When talking about specialty pharmacy, I am reminded of the famous words of Supreme Court Justice Potter Stewart as he ruled on a 1964 obscenity case. Justice Stewart wrote in his short concurrence that hardcore pornography was hard to define, but that "I know it when I see it." The same may be said for specialty pharmacy.
Generally, specialty pharmacy programs are designed to address drugs and biologics that are high in cost and difficult to manage, and have challenging reimbursement issues. These products often are problematic from all perspectives, including those of manufacturers, prescribers, patients, pharmacies, and payers. Specialty pharmacy programs evolved to address these issues by focusing on improving the access, delivery, disease state management, and financial support associated with these agents. Originally, specialty pharmacy could best be defined as a "cottage industry" that sprang up to support pharmacy benefit managers (PBMs) as they struggled with the management of increasingly high-cost agents. However, over the past 20 years, specialty pharmacy has grown significantly, and many observers feel that it now is "the next big thing."
Speaking about the future of specialty pharmacy, Zach Gerger, PharmD, DO, President, The Pharmacy & Therapeutics Society, noted that "traditional methods of reimbursement and clinical decision making around specialty health products are not working, and together we need to define the new way forward" (Personal communication). Figures from the Employee Benefit News
indicate that in 2003 the specialty pharmacy industry had $40 billion in overall drug spending, which rose to $78 billion in 2008.1
That is a 95% growth rate in just 5 years, which is not surprising given the numbers and types of drugs and biologics coming into the marketplace. Currently, approximately 50% of all drugs approved by the US Food and Drug Administration fall into the specialty category, and the biologics' share of the pharmaceutical market has moved from approximately 15% in 2005 to more than 21% in 2010. This growth also has been subject to a confluence of other market factors such as declining reimbursement rates, shifts in coverage from the medical to the pharmacy benefit, increasingly complex monitoring requirements, and much greater emphasis on cost control. These factors have contributed to the evolution of specialty pharmacy as a way to better manage these high-cost drugs.
The trend in specialty pharmacy is to include virtually any drugs/disease states that are high cost, with the current focus on management of high-cost disease states such as cancer, HIV/AIDS, rheumatoid arthritis, multiple sclerosis, hepatitis C, infertility, solid organ transplant, growth hormone deficiency, and Crohn's disease.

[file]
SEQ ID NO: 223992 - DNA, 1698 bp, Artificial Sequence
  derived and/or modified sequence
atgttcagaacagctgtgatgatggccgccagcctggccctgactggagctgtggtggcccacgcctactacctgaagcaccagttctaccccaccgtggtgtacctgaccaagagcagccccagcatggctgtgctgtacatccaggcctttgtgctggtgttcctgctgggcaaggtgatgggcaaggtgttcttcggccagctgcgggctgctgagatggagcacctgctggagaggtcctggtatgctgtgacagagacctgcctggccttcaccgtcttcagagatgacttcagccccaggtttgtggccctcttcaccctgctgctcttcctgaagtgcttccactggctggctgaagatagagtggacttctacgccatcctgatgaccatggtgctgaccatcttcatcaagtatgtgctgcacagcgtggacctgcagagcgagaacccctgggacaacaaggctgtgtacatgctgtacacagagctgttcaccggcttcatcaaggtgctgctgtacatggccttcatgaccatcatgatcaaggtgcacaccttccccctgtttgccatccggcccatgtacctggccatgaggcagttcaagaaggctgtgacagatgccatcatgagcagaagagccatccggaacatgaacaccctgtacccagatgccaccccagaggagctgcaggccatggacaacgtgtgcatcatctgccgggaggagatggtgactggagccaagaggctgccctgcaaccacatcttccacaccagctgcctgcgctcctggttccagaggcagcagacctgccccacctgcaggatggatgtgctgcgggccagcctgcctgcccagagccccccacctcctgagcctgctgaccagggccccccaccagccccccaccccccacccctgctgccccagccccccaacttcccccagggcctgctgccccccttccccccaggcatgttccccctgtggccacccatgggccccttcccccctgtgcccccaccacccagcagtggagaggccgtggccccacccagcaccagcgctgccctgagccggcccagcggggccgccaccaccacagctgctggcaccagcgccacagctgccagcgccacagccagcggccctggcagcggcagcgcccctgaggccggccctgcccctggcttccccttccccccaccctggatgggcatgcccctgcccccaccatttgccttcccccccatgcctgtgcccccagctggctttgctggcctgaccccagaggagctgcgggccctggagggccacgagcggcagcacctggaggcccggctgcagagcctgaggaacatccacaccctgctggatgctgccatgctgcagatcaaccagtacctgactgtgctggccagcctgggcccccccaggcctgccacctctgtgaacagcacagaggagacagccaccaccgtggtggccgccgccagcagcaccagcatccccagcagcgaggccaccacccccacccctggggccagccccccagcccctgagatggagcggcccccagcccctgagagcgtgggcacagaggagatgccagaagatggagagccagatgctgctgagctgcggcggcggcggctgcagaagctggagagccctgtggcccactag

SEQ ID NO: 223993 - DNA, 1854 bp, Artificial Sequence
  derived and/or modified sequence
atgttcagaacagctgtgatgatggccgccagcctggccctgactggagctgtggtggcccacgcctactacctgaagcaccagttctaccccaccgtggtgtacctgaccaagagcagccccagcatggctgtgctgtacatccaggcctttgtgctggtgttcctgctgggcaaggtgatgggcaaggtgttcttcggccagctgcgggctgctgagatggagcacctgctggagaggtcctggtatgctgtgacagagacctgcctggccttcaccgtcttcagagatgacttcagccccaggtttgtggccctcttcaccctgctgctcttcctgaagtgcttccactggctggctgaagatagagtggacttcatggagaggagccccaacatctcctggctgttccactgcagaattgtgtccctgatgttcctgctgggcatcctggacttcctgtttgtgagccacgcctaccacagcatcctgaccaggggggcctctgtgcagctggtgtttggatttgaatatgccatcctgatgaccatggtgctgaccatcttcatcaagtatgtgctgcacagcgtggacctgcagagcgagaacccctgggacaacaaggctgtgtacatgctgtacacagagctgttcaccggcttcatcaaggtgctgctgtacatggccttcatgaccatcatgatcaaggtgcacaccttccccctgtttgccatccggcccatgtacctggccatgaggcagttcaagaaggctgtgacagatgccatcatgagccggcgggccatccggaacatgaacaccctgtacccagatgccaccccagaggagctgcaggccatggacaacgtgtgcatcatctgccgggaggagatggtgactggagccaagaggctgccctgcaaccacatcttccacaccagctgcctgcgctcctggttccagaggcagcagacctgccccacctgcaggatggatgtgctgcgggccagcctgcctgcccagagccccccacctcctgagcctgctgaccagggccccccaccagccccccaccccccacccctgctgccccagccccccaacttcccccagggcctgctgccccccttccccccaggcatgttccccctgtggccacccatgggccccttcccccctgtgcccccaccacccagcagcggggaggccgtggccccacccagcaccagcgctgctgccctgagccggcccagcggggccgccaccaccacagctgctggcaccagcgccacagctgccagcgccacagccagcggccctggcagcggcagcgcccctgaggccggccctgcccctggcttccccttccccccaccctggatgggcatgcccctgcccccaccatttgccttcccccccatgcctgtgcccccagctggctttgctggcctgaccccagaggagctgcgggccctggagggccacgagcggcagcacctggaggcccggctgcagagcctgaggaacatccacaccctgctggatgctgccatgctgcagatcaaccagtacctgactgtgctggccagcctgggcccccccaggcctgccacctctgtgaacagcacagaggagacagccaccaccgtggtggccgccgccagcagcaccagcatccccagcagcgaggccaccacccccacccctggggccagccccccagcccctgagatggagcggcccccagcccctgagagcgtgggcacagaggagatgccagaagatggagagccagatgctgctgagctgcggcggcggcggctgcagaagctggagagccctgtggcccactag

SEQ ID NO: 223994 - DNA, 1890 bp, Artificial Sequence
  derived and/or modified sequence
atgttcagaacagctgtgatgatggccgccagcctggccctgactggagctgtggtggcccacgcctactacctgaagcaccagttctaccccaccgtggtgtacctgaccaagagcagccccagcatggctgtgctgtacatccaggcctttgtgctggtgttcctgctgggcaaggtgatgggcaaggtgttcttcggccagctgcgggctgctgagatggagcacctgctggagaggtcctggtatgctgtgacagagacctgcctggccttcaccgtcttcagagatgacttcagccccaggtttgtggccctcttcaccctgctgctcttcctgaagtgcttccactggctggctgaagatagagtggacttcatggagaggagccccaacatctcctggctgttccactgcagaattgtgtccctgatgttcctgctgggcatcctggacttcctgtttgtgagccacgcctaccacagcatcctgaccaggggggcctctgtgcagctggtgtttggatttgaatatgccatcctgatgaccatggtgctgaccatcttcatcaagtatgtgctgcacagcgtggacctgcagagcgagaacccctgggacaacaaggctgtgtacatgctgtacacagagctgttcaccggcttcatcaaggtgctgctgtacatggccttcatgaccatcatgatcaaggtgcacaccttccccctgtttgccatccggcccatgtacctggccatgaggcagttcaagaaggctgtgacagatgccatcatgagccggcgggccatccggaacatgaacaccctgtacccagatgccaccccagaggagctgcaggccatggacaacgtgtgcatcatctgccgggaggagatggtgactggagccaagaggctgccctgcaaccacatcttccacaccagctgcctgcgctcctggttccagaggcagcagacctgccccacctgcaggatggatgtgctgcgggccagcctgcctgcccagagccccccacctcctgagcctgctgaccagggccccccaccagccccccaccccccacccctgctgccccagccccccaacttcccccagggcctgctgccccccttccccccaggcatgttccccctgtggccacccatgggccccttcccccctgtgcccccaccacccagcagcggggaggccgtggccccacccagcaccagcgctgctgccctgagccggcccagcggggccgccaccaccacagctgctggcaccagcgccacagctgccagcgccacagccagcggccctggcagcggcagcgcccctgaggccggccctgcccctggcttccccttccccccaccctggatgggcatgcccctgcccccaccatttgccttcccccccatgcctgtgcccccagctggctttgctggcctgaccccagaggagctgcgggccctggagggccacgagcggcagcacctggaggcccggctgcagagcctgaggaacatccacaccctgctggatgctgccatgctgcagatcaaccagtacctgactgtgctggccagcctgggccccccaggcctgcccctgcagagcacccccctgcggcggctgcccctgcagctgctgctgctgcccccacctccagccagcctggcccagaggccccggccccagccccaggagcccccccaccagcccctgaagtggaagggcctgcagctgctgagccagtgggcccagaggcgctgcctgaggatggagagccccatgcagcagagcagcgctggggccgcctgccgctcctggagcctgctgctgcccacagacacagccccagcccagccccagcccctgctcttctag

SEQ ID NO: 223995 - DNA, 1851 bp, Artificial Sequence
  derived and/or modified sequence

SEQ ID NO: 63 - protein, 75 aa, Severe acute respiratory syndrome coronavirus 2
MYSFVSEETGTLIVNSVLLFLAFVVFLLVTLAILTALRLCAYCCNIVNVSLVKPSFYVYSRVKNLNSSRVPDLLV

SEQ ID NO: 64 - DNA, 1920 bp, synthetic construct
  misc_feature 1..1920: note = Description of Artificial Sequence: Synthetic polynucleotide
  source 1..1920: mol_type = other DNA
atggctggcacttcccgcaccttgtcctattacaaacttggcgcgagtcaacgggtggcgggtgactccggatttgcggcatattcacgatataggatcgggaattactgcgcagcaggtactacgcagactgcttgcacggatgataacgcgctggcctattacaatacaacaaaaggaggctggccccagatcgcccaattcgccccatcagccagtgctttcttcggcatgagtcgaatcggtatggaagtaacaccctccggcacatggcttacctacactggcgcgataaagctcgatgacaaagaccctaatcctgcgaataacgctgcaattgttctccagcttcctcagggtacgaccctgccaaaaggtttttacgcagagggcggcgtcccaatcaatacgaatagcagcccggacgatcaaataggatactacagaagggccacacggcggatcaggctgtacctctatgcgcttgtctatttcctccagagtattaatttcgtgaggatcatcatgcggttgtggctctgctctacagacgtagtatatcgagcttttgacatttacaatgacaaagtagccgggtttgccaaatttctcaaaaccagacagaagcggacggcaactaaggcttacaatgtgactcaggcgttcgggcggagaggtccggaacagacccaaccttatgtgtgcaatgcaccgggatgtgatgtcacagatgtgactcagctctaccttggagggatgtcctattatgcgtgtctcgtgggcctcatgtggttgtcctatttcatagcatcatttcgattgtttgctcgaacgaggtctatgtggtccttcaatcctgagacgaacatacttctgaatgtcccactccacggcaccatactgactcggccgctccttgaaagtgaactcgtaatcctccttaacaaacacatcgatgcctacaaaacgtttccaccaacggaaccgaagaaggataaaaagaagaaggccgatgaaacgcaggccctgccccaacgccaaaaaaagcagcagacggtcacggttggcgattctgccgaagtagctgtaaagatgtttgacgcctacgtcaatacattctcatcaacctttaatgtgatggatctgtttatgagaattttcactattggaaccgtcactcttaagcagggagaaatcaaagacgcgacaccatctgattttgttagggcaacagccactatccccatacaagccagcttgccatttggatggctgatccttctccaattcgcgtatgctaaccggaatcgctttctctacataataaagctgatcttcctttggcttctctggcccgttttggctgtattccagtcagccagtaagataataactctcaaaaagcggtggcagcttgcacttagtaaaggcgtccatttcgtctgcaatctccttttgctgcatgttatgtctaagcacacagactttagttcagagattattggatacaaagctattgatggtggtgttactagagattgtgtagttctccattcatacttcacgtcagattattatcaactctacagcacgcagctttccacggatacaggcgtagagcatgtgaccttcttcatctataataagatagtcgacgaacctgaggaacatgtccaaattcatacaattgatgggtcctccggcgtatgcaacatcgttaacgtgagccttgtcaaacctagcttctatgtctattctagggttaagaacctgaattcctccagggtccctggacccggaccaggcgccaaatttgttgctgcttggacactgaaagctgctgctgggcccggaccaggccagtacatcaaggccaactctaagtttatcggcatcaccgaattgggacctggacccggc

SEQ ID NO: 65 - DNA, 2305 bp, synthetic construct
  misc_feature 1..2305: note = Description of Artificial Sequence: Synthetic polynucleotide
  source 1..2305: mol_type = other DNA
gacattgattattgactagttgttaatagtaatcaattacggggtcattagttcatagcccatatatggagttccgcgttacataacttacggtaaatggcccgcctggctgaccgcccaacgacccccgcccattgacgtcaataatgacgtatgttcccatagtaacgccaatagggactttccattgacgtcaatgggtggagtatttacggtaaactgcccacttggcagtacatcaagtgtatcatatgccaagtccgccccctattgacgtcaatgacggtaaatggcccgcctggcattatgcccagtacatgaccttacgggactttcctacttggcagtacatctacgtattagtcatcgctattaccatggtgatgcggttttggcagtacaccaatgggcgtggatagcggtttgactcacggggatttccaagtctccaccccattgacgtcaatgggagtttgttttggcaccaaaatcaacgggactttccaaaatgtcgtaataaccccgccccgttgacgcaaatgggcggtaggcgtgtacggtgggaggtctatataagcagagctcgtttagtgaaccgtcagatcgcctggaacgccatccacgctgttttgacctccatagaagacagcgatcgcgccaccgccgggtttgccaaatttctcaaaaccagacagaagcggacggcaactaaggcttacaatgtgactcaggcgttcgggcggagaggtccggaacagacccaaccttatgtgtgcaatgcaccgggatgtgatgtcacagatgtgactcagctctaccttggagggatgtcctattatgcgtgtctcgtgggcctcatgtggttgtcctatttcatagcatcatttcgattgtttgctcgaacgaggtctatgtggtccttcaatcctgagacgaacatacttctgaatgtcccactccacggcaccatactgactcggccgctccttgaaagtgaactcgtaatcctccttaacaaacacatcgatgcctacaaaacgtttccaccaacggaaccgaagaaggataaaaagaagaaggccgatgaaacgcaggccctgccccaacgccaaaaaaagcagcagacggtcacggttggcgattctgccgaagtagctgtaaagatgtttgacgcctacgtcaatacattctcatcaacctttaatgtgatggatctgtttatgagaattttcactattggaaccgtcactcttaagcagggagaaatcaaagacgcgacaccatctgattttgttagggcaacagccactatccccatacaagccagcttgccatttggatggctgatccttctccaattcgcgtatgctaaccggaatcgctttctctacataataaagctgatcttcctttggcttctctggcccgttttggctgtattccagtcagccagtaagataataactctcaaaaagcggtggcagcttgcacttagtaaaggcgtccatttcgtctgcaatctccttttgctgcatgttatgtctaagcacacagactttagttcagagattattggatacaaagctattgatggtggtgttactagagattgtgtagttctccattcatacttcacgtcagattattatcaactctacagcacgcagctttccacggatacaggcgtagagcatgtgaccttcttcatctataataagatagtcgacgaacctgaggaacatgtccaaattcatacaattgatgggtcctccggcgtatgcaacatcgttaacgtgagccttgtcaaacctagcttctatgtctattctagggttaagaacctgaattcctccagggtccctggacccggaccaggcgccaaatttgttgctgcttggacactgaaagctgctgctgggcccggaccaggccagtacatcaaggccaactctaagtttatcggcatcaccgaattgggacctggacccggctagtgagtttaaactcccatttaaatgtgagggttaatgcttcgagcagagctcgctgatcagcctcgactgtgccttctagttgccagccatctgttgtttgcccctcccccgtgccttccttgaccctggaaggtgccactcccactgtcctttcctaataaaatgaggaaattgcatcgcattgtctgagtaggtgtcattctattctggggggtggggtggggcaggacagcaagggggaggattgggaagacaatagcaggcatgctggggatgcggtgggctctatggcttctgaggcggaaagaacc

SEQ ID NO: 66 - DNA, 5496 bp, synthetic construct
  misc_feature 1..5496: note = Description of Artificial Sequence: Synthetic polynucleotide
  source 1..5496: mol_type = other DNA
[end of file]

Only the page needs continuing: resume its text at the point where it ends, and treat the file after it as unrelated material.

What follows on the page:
The provision of specialty pharmacy programs is currently dominated by the PBM industry, with much of the business provided by their own specialty operations. However, with the rapid growth of specialty pharmacy, opportunities are available for other players to enter the market. Many large hospital organizations are successfully moving into this market. As integrated service delivery networks, many organizations provide home and clinic infusion services, retail pharmacy services, and extensive clinical pharmacist support for targeted disease state management initiatives. In addition, many hospitals now are exploring the opportunity to get into the insurance/PBM business themselves. Integration creates a comprehensive portfolio that allows effective delivery of specialty pharmacy services.
Mike Flagstad, RPh, MS, Chief Executive Officer of Visante Inc, an organization that provides consulting services to both the PBM and hospital markets, observes that "there is certainly a lot of growth and change in the specialty market, but more importantly, a lot of opportunity. We (Visante) are seeing increasing interest from hospitals in creating specialty pharmacy service lines, and our consultants have already helped hospitals to successfully do this in Michigan, Nebraska, Tennessee, Massachusetts, Utah, Indiana, and Mississippi. One of the primary areas where hospitals interested in entering this market need support is in the management of billing and reimbursement associated with specialty pharmacy. Although hospitals may be well positioned in terms of service delivery and disease state management, they typically are not providing the financial infrastructure to effectively support a full-scale specialty pharmacy program" (Personal communiction).